Most properties (eg flow, pressure, level, error, desired valve position) can be converted to a small movement. The heart of all pneumatic process control devices is a device to convert a small displacement into a pressure change, which represents the property causing the displacement. This is invariably based on the flapper nozzle, whose arrangement, characteristic and application are illustrated in Figure 7.3.
An air supply (typically, 2 to 4 bar) is applied to a very fine nozzle via a restriction as shown in Figure 7.3a. The signal output side of the nozzle feeds to a closed (non-venting) load, such as an indicator. Air escapes as a fine jet from the nozzle, so the pressure at A is lower than the supply pressure because of the pressure drop across the restriction.
Air loss from the jet (and hence pressure at A) is influenced by the gap x between the nozzle and movable flapper; the smaller the gap, the lower the air flow and higher the pressure. A typical response is shown in Figure 7.3b, illustrating the very small range of displacement and the overall non-linear response. The response can, however, be considered linear over a limited range (as shown) and the flapper-nozzle is generally linearised by use of a force balance system as described later.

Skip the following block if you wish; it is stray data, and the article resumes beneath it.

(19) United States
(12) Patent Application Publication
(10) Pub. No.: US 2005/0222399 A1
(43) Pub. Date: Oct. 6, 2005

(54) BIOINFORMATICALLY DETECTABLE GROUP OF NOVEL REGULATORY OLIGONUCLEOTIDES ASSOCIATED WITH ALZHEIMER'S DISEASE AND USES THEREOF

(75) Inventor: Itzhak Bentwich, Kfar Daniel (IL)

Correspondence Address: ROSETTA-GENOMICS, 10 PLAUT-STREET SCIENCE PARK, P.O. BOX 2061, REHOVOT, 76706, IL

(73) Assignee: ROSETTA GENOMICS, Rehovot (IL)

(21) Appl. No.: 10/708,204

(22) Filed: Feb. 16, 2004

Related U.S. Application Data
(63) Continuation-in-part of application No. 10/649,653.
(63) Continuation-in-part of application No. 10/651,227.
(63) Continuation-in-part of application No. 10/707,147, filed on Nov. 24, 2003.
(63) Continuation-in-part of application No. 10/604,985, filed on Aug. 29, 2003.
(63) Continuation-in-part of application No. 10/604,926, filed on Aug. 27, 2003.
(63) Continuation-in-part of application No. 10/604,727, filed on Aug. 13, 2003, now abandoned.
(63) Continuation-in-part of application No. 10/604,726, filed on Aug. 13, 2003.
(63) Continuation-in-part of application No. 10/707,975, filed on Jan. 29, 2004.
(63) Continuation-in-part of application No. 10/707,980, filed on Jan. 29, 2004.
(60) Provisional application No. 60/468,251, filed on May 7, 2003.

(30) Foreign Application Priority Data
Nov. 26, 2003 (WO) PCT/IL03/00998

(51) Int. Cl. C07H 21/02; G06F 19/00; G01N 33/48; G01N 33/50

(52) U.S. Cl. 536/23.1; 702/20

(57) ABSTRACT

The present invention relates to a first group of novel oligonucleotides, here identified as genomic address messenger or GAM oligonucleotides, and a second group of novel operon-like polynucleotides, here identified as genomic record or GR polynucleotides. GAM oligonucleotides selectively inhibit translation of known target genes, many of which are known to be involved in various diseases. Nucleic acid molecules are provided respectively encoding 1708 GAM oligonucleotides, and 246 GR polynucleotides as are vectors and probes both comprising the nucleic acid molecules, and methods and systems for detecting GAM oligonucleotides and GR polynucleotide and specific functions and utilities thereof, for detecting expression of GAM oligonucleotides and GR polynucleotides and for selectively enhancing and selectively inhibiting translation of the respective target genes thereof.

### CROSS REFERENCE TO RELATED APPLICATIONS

Figure 7.3c shows a very simple differential pressure transducer which may be used as a flow transmitter by measuring the pressure drops across an orifice plate. The difference in pressure between P1 and P2 causes a force on the flapper. Assuming P1>P2 (which is true for the direction of flow shown), the top of the flapper is pushed to
the right until the force from (P1-P2) is matched by the force from the spring extension. Flapper nozzle gap, and hence the output pressure, is thus determined by the differential pressure and the flow through the orifice plate.
The arrangement of Figure 7.3c is non-linear, and incapable of maintaining output pressure to a load with even a small loss of air. Even with a totally sealed load the minimal air flow through the restriction leads to a first order lag response with a very long time constant. A flapper-nozzle is therefore usually combined with an air amplifier, or volume booster, which takes a pressure as the input and gives a linearly-related pressure output – with an ability to supply a large volume of air. When combined with the force balance principle described later, the inherent non-linearity of the flapper nozzle can be overcome.